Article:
Understand how Aruba ARMizes your WLAN for sure!

Fig. 1: Example of a WLAN coverage area heatmap

Aruba’s Adaptive Radio Management, ARM is responsible of transmit power management and planning of radio channels to access points.

It maintains two measures for every channel : a coverage index and an interference index [2] [3].


Transmit power control over a given channel is based mainly on the coverage index.

Both indexes, coverage and interferance, are processed by the controller, in a controller-based architecture, and matched to access points per channel.

Where to get coverage information

This processing is based on the information reported by access points [1], every 10 seconds and for 110 millisecond scan time duration by default [7].

In addition to this channel scanning, access points exchange proprietary messages, ARM Over The Air Updates [1] [6], on every supported channel.
These messages when received by other access points are relayed back to the controller for further processing. These messages are IEEE 802.11 management messages and carry this information:

  1. Channel currently used by reporting access point for wifi clients
  2. Current transmit power EIRP over this channel
  3. A list of detected neighboring access points over this channel

Access points report also this information [1] [2] that evaluate the quality of transmission in both control and data plane :

  • % of retransmissions,
  • % of low rate frames,
  • % of non-unicast frames,
  • % of fragmented frames,
  • Channel rate in kbps,
  • % of PHY errors,
  • % of MAC errors,
  • Level of floor noise.

Processing of coverage information

All this information is consolidated at controller level in a table [5] that matches for every access point and per channel the percentage of retransmissions, physical errors, mac errors, noise level and processes an evaluation of these indexes:

  1. util (Qual): that is an indication of the channel quality based on effective usage of it.
  2. cov-idx : coverage index.
  3. intf_idx : interference index.

Power control

The decision of increasing or decreasing the transmit power level on a given channel is based on the processed coverage index as compared to the “ideal” coverage index, noted cov-idxideal, and “acceptable” overage index, cov-idxacceptable, both configured at controller level [4].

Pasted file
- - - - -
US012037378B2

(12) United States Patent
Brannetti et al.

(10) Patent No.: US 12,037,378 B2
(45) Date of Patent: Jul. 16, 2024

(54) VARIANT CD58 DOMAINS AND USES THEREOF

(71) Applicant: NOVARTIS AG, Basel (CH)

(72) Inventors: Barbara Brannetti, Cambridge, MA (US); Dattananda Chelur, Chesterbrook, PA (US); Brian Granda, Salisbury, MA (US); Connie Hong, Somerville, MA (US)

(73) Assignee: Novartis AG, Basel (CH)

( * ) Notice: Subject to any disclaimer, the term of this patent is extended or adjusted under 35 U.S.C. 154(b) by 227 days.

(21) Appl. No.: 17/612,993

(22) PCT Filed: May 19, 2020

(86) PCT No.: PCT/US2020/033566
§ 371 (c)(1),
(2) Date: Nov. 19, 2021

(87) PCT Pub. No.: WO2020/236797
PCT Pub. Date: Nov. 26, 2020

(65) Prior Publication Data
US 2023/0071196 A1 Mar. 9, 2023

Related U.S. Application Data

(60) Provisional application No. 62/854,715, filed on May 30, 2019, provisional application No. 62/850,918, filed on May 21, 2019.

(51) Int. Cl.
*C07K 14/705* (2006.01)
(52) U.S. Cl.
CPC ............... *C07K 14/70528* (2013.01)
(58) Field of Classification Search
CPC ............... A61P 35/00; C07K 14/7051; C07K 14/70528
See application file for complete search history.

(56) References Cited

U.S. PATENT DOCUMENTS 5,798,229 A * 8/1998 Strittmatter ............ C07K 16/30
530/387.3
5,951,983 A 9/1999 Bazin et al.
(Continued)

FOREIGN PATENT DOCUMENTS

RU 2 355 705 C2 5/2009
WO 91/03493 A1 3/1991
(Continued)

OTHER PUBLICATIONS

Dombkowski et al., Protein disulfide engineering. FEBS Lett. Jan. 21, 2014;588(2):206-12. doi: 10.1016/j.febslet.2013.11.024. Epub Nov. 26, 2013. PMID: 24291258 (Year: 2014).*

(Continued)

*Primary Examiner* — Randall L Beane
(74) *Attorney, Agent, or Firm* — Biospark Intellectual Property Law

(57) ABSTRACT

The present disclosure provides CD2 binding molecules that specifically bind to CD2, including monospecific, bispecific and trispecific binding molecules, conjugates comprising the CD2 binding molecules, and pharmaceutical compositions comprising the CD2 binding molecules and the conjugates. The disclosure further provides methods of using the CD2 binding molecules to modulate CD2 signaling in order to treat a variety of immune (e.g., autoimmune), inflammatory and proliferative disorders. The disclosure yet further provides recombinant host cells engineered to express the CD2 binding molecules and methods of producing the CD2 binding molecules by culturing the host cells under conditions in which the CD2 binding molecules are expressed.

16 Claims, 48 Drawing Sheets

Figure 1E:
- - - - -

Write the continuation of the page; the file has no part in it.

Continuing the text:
As a general rule the current coverage index should be greater than cov-idxacceptable and equivalent to cov-idxideal, [3].

Coverage index, cov-idx, that acts directly on transmission power level on a given channel is a function of detected access points SNR on the same channel as it is measured relatively by each other.

It corresponds to the sum of two variables « x » and « y ». « x » being the weighted average of all other access points SNR as being measured by the current access points. « y » is the weighted average of processed « x » variables by other access points from the same vendor and on the same channel [2].

Example of power processing

As an example let’s consider a set of 3 access points : AP1, AP2, and AP3, that reports respectively these SNR measures : (SNR12, SNR13), (SNR21, SNR23), and (SNR31, SNR32). Then the coverage indexes are written as follows for every access point:

  1. cov-idx(AP1) = x1/y1
  2. cov-idx(AP2) = x2/y2
  3. cov-idx(AP3) = x3/y3

Such as,

  • x1 is a function of SNR21, SNR23, SNR31, SNR32
  • x2 is a function of SNR12, SNR13, SNR31, SNR32
  • x3 is a function of SNR12, SNR13, SNR21, SNR23
  • y1 a function of x2 and x3
  • y2 a function of x1 and x3
  • and y3 a function of x1 and x2

SNRs and EIRPs

SNRs when they are processed at the same time as EIRPs (sent previousely in ARM Over the Air Updates) can help accurate processing of xn and cov-idx(APn). It is to notice that SNR measures are based on received signal and are processed locally whereas EIRP are reported measures at transmission that are sent over ARM management messages to neighboring access points and back to controller for consolidation.


[1] http://fr.slideshare.net/Venudhanraj/3-aruba-arm-and-cm, 2014.
[2] Aruba Network, techdocs, ARM Coverage and Interference Metrics.
[3] Aruba Network, techdocs, ARM Yourself to Increase Enterprise WLAN Data Capacity.
[4] Aruba Network, techdocs,rf arm-profile.
[5] Aruba Network, techdocs,show ap arm rf-summary.
[6] Aruba Network, techdocs,Understanding ARM.
[7] Aruba Network, techdocs,Adaptative Radio Management (ARM)


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